I am an instructor in the IDeATe program, an interdisciplinary program to develop hybrid students with integrated knowledge in technology and arts. I teach or co-teach three courses: Introduction to Physical Computing, Human-Machine Virtuosity, and Robotics for Creative Practice, all part of the IDeATe undergraduate programs in Physical Computing and Intelligent Environments.
I am a researcher at the Robotics Institute at Carnegie Mellon University in Pittsburgh, Pennsylvania. My research interests include human-robot interaction, minimalist mechanisms, compliant manipulation, and legged locomotion.
I am interested in understanding the balance between computation and physical processes in producing behavior. Robots embody processes which connect computation, physical dynamics, passive stability, an environment, and humans. Well-chosen hardware dynamics can bring high performance and efficiency but usually at a cost of generality. Software is flexible but cannot overcome the limitations of physics. An insightful allocation between mechanism and computation can utilize the best of both to enable new robot tasks.
I approach this work by designing novel machines in pursuit of parsimonious design principles. My goal is to achieve the elegant simplicity which results from mechanisms well-integrated with the task dynamics. These machines are efficient and work with their environment rather than against it. They use a minimum of hardware and energy resources.
My work to date includes hopping robots using efficient compliant legs, walking robots inspired by passive dynamics, simple manipulators with externally steered compliant state, a low-cost snap-fit robot kit with an elastic neck, a simple force sensing palm, and kinetic sculptures using just a few actuators to create complex effects in fabric. All of these machines explore different tradeoffs between computing and physical dynamics to create behaviors.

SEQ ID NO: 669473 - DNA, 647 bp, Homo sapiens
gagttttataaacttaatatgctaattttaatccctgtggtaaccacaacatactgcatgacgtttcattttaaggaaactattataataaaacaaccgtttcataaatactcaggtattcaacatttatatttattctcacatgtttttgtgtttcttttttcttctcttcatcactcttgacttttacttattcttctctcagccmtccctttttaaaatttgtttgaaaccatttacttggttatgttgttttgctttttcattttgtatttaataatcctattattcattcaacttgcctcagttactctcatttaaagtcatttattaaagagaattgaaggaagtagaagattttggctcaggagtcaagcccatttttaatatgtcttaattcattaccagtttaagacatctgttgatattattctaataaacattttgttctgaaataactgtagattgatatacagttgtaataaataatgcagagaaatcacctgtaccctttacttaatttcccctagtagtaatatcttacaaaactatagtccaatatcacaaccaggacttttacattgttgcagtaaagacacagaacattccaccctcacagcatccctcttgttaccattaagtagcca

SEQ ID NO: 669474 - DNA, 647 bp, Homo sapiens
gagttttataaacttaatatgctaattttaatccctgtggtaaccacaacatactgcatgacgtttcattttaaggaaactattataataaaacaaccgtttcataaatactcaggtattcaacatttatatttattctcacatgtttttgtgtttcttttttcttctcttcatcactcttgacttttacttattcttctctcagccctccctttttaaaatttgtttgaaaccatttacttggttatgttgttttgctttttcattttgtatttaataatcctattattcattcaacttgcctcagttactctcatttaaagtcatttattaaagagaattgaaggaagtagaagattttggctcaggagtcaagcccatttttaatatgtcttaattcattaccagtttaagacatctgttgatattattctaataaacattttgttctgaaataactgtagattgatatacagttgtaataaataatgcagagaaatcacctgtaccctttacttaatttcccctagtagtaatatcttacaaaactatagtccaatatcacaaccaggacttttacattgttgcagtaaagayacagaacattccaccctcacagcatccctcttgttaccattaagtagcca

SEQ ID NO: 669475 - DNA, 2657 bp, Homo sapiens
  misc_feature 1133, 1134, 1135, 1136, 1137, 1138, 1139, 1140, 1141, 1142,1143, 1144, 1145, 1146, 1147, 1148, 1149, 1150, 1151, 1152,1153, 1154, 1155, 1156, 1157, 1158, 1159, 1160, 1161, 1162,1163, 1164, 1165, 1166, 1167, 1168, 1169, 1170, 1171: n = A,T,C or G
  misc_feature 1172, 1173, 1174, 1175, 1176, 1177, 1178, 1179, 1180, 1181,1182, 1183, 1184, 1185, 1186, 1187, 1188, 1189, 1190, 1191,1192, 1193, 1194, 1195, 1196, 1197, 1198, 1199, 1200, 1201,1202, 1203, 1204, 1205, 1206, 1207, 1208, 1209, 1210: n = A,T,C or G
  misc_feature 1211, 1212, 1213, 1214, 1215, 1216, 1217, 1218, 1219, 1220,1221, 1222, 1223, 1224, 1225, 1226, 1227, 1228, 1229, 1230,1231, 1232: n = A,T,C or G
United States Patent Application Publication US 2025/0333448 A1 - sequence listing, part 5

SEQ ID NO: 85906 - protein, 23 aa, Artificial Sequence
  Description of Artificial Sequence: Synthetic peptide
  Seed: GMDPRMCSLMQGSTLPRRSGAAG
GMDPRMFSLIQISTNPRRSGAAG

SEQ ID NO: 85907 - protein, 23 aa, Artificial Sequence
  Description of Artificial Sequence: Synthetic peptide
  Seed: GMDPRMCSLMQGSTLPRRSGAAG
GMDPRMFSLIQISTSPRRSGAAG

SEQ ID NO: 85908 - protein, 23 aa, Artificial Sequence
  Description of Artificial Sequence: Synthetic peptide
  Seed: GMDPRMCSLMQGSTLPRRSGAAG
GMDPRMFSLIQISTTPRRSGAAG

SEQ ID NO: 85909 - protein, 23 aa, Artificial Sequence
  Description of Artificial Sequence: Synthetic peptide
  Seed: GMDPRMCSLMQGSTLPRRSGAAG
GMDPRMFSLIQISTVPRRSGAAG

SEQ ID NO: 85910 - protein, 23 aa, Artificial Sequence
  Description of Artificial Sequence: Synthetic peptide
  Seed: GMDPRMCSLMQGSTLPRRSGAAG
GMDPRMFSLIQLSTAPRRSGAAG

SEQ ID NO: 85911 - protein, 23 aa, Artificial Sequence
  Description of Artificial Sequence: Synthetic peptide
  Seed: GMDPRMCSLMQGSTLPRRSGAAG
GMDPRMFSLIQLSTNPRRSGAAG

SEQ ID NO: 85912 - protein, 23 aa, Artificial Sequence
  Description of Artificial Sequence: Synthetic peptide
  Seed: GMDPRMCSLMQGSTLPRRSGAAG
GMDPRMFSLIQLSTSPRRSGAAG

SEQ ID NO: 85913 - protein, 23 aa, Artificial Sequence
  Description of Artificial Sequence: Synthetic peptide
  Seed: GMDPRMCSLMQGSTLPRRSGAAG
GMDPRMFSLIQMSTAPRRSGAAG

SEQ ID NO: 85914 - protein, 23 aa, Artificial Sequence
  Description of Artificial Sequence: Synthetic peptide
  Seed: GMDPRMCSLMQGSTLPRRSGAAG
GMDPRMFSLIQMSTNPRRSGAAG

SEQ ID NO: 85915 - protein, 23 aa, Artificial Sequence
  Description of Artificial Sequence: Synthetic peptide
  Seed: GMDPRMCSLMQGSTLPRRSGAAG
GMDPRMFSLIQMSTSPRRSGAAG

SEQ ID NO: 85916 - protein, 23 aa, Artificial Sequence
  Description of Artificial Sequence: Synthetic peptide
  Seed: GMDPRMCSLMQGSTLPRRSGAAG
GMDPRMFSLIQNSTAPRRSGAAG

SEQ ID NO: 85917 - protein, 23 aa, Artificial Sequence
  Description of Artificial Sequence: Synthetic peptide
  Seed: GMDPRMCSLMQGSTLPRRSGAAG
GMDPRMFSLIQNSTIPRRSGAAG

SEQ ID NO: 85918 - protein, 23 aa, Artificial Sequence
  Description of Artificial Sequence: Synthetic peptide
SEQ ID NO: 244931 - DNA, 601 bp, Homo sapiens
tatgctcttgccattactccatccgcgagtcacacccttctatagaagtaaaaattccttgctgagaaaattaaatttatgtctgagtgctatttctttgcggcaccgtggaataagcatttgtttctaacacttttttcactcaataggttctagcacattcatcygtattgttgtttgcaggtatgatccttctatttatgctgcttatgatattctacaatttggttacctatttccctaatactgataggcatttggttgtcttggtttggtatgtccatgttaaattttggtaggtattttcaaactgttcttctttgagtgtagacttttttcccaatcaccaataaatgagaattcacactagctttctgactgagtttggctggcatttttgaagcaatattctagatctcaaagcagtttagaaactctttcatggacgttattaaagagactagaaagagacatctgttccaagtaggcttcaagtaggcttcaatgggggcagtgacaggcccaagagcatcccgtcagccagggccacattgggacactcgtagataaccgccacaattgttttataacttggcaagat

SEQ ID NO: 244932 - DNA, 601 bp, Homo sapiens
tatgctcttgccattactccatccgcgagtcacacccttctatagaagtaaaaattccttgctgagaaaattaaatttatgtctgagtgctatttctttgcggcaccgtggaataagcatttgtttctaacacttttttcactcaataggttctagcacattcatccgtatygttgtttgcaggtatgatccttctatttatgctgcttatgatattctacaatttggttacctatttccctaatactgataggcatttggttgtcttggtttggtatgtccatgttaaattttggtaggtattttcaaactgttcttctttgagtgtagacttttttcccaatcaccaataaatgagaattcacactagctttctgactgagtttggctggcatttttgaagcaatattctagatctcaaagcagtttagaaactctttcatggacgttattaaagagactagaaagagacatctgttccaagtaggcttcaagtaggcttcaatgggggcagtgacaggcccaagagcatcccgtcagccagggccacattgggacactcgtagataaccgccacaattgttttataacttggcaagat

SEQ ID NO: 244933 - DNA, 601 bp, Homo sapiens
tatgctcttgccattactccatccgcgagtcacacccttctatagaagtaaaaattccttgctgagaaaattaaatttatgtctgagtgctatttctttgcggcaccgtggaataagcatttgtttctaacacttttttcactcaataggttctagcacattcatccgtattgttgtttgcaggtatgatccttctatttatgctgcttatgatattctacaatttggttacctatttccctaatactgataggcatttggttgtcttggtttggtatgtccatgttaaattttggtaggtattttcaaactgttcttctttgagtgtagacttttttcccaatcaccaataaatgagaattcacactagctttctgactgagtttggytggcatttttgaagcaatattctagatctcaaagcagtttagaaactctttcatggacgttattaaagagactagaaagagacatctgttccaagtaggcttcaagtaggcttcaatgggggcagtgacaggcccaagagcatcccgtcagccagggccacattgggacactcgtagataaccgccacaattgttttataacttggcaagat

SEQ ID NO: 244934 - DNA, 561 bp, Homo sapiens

I aim to develop further the principles of parsimonious design through experiments along several lines:
My art practice currently includes kinetic fabric sculpture which combines fabric structure, actuators, lighting, and sensors, and multimedia performances based on interactive transformative processes. I have also worked with talking mirrors which reveal contributed stories and secrets, plus a few miscellaneous projects and affiliations.
I am also a co-founder of Rossum's, a forum for artists working with robotics. This group was created by Ian Ingram and myself in order to bring together artists and engineers interested in robotic and mechatronic art. The format is an informal working group which meets regularly to discuss practical and conceptual issues in our works. The focus is on work which combines the digital and mechanical in embodied forms.
I am a graduate of the Carnegie Mellon Robotics Ph.D. program. As a graduate student I was a member of the Manipulation Lab, advised by Matt Mason and Ben Brown. For my doctoral thesis I developed planning algorithms to control a novel locomotion machine, the Bow Leg Hopper. The thesis document is available on my publications page.
"garthz" AT "cmu.edu" / PGP public key Robotics Institute / Smith Hall 226 / Carnegie Mellon University / Pittsburgh, PA 15213 / USA office: 412-268-5909 / home: 412-521-1282 / plan file
In old school web tradition, I have some pages of useful links. Some of my older content pages have moved to my archival page.
Garth Zeglin, Robotics Institute, Carnegie Mellon University